RYGB adolescents reported lower BES scores than control individuals (Table 1). Table 2 shows the associations between eating-related problems and energy intake in adolescents before and 5 years after RYGB and in control individuals at 5 years. The BES score was associated with energy intake in adolescents before and 5 years after RYGB (r = .39, P < .001 and r = .27, P = .044) and in control individuals at 5 years (r = .62, P < .001), with a significant difference between groups at 5 years (P < .001) (Table 2). Proportion of adolescents screening positive for BE (BES score >17) at 5 years was lower than before surgery (12% versus 37%; P = .010) and lower than in control individuals at 5 years (30%; P = .050) (Table 3). Screening positive for BE or not before surgery did not predict differences in any of the weight or dietary intake parameters after surgery (P > .2, for all). At 5 years, the BES score was associated with cooked meals (r = .29; P = .011, RYGB), candies and chocolates (r = .23, P = .037 and r = .48, P = .004, RYGB and control, respectively), cakes and cookies (r = .26, P = .021 and r = .38, P = .022, RYGB and control, respectively), and fruits and berries (r = –.32, P = .044, control). UE was associated with desserts (r = .50, P = .005, control), candies and chocolates (r = .29, P = .026 and r = .54, P = .002, RYGB and control, respectively), and milk and yoghurt (r = –.35, P = .005 and r = .41, P = .026, RYGB and control, respectively). EE was associated with cooked meals (r = .32, P = .013, RYGB) and sugary drinks (r = .31, P = .052, control). CR was associated with cereals (r = .22, P = .047, RYGB), fruits and berries (r = .30, P = .009 and r = .33, P = .038, RYGB and control, respectively), and sugary drinks (r = –.24, P = .029, RYGB).
      Table 2Associations between self-reported energy intake and eating-related problems (binge eating, uncontrolled eating, emotional eating, and cognitive restraint) in adolescents before gastric bypass surgery and 5 years after and compared with adolescent control individuals at 5 years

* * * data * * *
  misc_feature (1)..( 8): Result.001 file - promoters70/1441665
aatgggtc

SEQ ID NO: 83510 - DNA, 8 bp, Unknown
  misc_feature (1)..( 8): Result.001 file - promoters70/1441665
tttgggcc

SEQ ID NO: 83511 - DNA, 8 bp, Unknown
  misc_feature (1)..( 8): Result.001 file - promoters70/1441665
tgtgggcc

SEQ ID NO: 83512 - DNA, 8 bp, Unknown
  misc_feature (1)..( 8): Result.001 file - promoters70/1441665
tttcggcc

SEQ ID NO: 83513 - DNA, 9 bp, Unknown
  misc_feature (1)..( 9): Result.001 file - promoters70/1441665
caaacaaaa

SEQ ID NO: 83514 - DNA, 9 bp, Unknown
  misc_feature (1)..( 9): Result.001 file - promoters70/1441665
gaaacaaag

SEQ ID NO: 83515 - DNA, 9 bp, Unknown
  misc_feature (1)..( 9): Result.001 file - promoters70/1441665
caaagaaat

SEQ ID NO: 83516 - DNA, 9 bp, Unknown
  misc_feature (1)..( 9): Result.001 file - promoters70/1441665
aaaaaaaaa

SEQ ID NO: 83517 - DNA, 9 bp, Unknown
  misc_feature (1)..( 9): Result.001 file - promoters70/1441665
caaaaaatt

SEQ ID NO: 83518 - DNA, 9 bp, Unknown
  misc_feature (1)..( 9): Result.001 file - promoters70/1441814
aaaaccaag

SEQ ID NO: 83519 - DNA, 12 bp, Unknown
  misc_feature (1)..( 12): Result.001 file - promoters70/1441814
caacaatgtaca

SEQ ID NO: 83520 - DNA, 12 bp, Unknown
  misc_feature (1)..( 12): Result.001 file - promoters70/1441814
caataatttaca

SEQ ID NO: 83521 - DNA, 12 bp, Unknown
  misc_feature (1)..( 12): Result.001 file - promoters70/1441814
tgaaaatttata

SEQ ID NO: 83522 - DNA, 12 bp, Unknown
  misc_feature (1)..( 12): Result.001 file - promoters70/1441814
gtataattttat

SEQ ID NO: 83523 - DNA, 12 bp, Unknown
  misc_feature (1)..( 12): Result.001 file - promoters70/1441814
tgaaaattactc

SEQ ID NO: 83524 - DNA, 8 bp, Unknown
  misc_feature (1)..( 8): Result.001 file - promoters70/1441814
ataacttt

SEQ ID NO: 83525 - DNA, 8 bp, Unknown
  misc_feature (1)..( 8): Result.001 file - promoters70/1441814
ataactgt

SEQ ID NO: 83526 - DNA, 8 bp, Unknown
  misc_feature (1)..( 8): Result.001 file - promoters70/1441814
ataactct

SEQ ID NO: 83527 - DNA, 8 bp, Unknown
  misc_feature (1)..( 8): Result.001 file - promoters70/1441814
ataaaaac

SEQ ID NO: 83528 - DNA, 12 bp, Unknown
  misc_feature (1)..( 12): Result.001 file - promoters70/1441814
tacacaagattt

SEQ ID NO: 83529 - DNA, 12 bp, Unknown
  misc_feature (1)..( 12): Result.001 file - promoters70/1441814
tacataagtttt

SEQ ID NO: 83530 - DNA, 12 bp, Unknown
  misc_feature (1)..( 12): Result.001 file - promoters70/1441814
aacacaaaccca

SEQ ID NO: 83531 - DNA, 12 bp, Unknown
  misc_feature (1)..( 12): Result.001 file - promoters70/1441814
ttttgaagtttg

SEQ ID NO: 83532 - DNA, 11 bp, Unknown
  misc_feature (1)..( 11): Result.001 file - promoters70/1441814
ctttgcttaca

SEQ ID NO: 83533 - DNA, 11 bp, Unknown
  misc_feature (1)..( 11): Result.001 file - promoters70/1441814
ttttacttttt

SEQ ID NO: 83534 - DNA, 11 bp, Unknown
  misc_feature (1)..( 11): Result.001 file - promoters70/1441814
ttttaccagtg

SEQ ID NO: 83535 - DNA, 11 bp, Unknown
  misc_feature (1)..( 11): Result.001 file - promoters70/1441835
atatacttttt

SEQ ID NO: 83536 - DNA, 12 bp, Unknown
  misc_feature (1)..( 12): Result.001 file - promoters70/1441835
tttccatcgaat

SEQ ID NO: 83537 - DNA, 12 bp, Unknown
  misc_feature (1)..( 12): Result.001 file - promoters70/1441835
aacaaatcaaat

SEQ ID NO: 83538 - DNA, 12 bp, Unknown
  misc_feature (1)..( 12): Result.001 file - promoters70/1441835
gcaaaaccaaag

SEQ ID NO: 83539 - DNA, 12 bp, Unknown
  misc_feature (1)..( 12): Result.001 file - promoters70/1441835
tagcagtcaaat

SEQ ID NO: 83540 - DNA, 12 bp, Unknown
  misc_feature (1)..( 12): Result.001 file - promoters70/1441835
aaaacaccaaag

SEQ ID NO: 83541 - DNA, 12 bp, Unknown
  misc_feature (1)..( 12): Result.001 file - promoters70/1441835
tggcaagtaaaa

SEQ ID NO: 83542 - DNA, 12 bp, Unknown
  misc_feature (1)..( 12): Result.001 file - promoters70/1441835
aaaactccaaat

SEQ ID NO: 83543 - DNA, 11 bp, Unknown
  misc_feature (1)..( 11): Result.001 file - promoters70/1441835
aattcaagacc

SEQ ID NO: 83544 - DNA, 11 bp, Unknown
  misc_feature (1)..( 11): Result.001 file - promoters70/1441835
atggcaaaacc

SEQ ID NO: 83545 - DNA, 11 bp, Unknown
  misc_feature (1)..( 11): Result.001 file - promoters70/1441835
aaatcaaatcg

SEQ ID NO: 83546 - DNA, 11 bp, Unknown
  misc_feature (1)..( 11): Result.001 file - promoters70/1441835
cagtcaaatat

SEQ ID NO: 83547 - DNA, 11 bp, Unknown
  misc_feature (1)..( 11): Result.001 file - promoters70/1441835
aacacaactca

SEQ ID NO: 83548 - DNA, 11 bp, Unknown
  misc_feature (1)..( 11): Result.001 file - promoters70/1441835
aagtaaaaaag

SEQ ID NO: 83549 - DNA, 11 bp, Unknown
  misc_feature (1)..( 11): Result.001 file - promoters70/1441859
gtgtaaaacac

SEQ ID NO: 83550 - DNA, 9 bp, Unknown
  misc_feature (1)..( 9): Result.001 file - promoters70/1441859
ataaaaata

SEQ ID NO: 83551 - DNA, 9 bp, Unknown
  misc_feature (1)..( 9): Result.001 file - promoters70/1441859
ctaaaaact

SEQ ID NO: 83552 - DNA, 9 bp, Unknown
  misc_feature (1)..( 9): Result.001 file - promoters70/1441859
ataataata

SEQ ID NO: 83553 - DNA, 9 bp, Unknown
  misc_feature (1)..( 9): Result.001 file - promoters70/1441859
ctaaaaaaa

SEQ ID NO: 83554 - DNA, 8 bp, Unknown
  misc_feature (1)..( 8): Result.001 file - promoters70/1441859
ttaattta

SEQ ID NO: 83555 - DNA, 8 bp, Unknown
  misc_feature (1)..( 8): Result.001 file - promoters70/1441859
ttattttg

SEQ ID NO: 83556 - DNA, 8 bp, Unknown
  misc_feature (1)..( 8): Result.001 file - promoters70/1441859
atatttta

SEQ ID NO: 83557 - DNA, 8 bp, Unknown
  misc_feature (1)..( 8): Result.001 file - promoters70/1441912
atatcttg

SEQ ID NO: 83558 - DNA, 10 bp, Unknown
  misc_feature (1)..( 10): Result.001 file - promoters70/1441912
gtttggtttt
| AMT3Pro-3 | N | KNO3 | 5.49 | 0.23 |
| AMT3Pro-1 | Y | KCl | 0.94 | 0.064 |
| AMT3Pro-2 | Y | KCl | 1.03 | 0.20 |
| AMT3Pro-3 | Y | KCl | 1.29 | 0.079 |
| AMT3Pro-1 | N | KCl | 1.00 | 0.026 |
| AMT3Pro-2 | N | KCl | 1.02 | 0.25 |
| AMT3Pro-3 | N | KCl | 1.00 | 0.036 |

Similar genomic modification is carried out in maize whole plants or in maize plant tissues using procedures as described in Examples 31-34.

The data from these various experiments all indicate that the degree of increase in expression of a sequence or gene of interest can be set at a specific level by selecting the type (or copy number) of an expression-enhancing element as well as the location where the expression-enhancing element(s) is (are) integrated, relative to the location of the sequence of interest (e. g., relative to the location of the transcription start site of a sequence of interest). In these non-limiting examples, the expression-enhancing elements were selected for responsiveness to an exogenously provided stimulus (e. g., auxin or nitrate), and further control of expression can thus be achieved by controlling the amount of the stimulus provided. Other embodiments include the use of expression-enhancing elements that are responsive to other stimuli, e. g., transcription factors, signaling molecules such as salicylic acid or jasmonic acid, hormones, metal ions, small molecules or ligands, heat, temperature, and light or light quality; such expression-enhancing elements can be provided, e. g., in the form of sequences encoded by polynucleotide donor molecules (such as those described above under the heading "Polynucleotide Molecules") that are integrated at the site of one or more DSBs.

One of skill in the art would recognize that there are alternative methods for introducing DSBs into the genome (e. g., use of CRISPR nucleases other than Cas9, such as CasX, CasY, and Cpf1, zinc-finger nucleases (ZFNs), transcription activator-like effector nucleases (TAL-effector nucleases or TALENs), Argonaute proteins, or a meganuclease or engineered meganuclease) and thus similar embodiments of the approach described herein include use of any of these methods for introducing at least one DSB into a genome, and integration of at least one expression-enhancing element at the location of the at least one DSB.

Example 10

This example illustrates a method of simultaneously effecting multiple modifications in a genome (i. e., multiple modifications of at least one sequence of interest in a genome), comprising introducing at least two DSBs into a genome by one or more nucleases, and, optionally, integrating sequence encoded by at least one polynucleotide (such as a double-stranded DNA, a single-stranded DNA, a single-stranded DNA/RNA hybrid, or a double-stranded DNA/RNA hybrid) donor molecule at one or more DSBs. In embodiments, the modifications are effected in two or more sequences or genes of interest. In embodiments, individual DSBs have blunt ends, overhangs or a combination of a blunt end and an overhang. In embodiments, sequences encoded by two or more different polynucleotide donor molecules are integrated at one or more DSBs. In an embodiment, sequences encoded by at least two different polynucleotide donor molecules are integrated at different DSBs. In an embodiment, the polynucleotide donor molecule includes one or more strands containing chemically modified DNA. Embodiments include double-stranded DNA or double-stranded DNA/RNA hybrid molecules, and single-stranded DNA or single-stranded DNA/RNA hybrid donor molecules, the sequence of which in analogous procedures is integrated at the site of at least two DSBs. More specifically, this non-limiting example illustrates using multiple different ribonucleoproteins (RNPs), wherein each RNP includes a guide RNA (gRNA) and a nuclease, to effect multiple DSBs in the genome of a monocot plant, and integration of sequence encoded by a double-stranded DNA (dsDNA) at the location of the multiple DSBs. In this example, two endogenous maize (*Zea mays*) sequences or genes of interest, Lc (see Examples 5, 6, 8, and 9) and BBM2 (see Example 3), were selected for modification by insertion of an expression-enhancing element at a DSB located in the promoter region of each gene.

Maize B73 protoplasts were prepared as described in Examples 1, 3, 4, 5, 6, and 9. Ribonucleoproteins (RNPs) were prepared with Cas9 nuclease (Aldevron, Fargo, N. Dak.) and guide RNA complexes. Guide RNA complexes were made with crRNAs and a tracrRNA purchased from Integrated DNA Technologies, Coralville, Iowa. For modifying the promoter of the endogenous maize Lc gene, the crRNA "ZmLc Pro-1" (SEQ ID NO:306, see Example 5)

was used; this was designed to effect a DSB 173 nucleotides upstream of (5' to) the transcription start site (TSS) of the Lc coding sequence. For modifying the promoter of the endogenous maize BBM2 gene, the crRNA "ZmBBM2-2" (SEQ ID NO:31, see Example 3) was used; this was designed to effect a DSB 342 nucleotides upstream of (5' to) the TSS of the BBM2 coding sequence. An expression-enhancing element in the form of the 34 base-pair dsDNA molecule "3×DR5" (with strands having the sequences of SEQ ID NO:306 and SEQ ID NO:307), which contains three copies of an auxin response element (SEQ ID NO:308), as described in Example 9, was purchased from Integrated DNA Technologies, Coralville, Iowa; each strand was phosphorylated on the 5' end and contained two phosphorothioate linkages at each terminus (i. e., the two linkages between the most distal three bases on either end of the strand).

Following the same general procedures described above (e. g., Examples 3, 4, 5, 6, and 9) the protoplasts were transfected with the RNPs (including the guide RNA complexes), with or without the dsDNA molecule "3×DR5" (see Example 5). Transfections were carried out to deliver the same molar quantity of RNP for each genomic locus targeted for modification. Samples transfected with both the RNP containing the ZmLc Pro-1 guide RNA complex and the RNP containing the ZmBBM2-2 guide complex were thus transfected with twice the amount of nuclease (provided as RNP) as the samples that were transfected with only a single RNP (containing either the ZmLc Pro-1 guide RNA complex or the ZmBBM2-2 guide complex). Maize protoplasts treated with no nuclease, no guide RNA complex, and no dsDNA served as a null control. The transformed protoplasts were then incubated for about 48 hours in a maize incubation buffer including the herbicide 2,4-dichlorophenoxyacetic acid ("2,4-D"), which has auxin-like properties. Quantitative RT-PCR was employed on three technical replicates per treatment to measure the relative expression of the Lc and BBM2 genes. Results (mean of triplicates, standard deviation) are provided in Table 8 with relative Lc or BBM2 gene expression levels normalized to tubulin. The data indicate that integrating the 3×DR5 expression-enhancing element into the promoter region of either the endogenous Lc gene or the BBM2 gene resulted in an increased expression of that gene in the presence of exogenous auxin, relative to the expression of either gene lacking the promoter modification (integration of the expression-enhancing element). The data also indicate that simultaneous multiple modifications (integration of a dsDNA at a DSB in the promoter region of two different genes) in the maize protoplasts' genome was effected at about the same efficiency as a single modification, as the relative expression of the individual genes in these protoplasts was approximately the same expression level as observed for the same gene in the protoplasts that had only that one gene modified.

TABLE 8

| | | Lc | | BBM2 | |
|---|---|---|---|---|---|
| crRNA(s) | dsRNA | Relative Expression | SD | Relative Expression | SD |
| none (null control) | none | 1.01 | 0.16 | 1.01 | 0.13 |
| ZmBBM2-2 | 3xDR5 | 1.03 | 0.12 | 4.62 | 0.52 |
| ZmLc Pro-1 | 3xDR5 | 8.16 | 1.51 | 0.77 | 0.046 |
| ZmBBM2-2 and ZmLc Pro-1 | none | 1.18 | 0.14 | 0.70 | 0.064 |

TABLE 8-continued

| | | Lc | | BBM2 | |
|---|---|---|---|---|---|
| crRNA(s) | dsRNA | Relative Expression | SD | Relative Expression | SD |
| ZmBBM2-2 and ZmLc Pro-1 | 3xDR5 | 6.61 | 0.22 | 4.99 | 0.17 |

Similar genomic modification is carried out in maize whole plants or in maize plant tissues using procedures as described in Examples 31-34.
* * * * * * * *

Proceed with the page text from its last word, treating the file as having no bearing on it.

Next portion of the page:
Eating-related problemSurgery, baseline (n = 80)Surgery, 5 yr (n = 60)Difference between baseline and 5-yr correlationDifference between baseline and 5-yr slopeControl individuals, 5 yr (n = 31)Difference between groups at 5 yr
      R2
      Coefficient of determination in univariate model.
      Beta
      Energy intake kcal/day (adjusted for sex, age, and height) per standard deviation of eating-related problem score.
      (kcal/d)
      P valueR2
      Coefficient of determination in univariate model.
      Beta
      Energy intake kcal/day (adjusted for sex, age, and height) per standard deviation of eating-related problem score.
      (kcal/d)
      P valueP valueP valueR2
      Coefficient of determination in univariate model.
      Beta
      Energy intake kcal/day (adjusted for sex, age, and height) per standard deviation of eating-related problem score.
      (kcal/d)
      P valueBeta
      Energy intake kcal/day (adjusted for sex, age, and height) per standard deviation of eating-related problem score.
      (kcal/d)
      P value
      Binge eating.154411<.001.075282.044.785.453.381698<.001416<.001
      Uncontrolled eating.144402<.001.107332.013.542.682.453846<.001514.015
      Emotional eating.093324.006.155365.006.109.805.128475.012110.628
      Cognitive restraint.080–301.011.061–252.103.689.785.00028.906280.323
      Coefficient of determination in univariate model.
      Energy intake kcal/day (adjusted for sex, age, and height) per standard deviation of eating-related problem score.